“Gender is not about women only. It is about the rules that society has carried out for us and those rules are excluding people from certain positions. What we hope to achieve is to give a level playing ground for both males and females. For them to reach their potential — especially (against) barriers against female engineers.”

—Rosemond Asamoa-Frimpong
Gender and Social Inclusion Manager,
Electricity Company of Ghana (ECG)

MCC also supported internships for women students in STEM fields to gain practical work experience to help them increase their employability in the power sector. A total of 600 women were selected as interns and linked to female role models at prominent organizations such as Women in Engineering (WinE) of the Ghana Institution of Engineers; Women in Science, Technology, Engineering and Mathematics (WiSTEM); and the Ghana Academy of Arts and Sciences.

MCC also supported internships for women students in STEM fields to gain practical work experience to help them increase their employability in the power sector. A total of 600 women were selected as interns and linked to female role models at prominent organizations such as Women in Engineering (WinE) of the Ghana Institution of Engineers; Women in Science, Technology, Engineering and Mathematics (WiSTEM); and the Ghana Academy of Arts and Sciences.


Photo: Rina Meta

A woman from the Kosovo Women in Energy scholarship program is learning practical skills in the tool and die class at Des Moines Area Community College (DMACC), in Iowa.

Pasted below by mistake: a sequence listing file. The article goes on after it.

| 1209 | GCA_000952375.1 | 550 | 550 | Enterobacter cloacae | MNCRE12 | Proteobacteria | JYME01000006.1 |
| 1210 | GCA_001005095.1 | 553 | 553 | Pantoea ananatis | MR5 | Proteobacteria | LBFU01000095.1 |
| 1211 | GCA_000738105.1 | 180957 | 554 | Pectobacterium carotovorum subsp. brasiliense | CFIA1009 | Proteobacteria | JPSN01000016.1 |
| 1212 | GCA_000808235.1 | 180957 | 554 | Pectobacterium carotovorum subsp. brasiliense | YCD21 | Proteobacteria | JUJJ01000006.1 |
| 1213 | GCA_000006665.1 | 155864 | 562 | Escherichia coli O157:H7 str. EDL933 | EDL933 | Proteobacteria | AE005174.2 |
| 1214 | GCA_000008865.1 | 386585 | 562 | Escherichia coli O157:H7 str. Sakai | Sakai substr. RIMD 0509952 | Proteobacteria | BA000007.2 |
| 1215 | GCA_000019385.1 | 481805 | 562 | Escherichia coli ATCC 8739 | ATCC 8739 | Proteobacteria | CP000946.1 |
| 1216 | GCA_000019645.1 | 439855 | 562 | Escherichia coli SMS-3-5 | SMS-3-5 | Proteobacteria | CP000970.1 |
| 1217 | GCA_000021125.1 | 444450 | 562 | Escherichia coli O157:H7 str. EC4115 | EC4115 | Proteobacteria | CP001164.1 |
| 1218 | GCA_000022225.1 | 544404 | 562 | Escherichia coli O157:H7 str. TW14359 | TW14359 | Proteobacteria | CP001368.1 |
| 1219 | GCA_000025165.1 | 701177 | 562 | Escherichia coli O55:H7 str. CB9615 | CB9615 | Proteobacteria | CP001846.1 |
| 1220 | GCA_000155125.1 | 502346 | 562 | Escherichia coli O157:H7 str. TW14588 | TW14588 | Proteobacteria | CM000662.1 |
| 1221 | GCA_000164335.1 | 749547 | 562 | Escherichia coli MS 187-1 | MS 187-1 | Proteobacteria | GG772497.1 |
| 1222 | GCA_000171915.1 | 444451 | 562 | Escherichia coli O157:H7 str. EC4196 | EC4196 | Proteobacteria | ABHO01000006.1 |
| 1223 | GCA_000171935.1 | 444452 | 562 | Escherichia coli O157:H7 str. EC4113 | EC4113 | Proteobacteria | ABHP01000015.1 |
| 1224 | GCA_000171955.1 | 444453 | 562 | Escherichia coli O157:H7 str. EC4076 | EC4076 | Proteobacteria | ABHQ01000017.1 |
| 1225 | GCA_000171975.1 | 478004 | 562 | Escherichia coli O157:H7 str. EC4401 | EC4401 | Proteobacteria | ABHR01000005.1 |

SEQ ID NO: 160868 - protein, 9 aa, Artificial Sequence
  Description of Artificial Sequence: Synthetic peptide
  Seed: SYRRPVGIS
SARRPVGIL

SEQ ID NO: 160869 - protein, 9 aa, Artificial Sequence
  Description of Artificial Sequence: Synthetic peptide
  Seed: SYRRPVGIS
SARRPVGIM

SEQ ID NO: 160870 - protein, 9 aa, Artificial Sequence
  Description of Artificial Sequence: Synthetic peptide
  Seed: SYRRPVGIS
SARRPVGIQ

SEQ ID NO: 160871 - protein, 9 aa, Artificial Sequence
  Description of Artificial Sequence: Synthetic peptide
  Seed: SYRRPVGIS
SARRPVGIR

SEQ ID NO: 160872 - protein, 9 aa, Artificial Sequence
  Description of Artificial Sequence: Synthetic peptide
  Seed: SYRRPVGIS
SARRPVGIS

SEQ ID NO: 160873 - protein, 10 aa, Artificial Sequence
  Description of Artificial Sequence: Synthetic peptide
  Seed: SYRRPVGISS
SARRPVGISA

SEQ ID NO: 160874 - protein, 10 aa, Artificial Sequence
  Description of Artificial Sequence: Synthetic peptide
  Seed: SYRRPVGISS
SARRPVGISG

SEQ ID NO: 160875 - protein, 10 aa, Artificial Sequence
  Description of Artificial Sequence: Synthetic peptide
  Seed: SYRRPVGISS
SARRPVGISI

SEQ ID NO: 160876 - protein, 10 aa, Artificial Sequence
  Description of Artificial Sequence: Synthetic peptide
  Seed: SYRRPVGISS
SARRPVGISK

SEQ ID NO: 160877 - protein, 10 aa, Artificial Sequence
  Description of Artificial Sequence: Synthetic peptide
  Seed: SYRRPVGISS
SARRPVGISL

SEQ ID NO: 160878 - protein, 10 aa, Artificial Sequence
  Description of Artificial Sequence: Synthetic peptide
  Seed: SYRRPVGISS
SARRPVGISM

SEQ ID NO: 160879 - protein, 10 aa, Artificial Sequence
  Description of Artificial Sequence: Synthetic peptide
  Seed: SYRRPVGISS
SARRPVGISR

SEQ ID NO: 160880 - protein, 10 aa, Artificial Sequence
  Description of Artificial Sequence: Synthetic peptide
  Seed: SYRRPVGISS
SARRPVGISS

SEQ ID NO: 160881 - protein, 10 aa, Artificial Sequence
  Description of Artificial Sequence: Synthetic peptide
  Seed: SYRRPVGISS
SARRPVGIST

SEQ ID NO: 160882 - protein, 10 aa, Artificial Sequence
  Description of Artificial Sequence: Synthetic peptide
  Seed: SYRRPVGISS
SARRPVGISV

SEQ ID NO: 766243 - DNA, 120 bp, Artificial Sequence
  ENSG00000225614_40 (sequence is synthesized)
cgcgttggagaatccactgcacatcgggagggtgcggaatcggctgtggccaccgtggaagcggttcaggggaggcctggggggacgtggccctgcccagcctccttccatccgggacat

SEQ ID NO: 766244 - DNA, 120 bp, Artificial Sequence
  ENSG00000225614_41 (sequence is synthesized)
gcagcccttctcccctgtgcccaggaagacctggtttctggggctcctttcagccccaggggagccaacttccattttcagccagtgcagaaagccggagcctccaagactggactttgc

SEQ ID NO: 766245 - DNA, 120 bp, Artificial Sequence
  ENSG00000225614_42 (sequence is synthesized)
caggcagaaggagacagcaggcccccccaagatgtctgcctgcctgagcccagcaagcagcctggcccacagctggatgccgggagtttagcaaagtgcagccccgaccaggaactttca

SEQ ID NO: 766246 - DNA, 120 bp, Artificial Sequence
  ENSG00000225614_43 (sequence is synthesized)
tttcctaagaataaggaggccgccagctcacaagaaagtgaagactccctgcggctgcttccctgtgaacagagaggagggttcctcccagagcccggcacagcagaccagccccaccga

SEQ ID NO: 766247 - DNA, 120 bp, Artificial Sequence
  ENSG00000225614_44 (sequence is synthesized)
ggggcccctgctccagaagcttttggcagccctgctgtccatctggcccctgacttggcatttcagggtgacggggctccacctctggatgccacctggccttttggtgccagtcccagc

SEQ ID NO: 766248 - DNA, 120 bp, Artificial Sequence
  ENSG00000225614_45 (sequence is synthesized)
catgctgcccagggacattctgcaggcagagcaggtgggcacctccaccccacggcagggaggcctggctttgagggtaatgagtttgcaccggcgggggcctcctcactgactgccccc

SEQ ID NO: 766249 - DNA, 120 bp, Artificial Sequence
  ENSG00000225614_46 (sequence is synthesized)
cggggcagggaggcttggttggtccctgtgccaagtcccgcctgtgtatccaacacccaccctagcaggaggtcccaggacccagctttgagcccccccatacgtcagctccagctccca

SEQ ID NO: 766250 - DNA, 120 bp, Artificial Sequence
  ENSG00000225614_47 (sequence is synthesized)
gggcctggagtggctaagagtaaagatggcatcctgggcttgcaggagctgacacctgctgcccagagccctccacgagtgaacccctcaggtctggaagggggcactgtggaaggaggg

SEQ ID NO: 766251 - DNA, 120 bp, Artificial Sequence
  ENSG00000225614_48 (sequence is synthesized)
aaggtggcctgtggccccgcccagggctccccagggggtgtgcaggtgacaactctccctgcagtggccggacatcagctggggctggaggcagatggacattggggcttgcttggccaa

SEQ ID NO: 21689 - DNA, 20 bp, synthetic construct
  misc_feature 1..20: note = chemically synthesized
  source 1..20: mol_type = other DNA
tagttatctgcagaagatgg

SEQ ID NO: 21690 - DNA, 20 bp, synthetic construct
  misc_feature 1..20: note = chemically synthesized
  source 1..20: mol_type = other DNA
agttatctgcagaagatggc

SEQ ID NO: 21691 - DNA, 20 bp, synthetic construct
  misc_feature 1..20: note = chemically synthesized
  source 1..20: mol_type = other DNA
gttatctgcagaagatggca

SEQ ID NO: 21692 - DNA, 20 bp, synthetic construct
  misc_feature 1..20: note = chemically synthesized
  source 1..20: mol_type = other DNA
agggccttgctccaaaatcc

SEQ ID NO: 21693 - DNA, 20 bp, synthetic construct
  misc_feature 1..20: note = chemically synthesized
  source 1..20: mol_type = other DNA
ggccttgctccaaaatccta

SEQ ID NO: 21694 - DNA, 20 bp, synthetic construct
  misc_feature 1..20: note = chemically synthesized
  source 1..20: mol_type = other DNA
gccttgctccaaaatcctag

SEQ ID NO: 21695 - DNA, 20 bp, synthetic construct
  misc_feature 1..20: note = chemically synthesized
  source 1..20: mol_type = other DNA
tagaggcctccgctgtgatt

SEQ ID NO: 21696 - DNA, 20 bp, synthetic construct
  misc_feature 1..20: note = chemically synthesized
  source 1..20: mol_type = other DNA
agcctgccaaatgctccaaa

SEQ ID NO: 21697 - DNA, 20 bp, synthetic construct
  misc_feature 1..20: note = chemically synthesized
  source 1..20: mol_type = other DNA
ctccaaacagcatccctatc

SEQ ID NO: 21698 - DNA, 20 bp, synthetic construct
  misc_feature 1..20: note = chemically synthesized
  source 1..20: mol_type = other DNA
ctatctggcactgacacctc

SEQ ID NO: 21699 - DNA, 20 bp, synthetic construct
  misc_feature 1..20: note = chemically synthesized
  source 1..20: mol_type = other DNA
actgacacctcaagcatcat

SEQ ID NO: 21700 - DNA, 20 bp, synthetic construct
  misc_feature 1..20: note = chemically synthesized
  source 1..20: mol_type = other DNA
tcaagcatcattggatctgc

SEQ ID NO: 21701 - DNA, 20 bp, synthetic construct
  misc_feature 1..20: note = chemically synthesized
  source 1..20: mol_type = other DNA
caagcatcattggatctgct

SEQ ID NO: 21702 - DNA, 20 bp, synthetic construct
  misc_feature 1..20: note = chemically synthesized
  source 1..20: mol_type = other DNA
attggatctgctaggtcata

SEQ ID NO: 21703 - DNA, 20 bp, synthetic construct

The Kosovo Threshold Program is changing perceptions about women working in traditionally male-dominated work sectors through its Women in Energy project which has focused on strengthening women’s employment and entrepreneurship opportunities in the energy sector. An internship program has given over 230 young women practical work experience and increased their employability. A scholarship program supported 28 women across Kosovo to obtain energy-relevant Associate Degrees in the United States. One hundred percent of graduates are employed post-graduation. A partial grant scheme enabled more than 400 women-owned businesses, ranging from microenterprises to large businesses, to invest in energy efficient equipment and appliances. The program also provided 20 women entrepreneurs with a six-month intensive coaching and mentoring program to improve their business performance, jointly with the University of Santa Clara Miller Center for Social Entrepreneurship. While the Kosovo Threshold Program is wrapping up in the fall of 2022, MCC is continuing its investment into a more inclusive future for Kosovo’s energy sector through a dedicated new Compact project that will directly build upon and expand Threshold investments to support women’s greater entry and success in energy sector employment.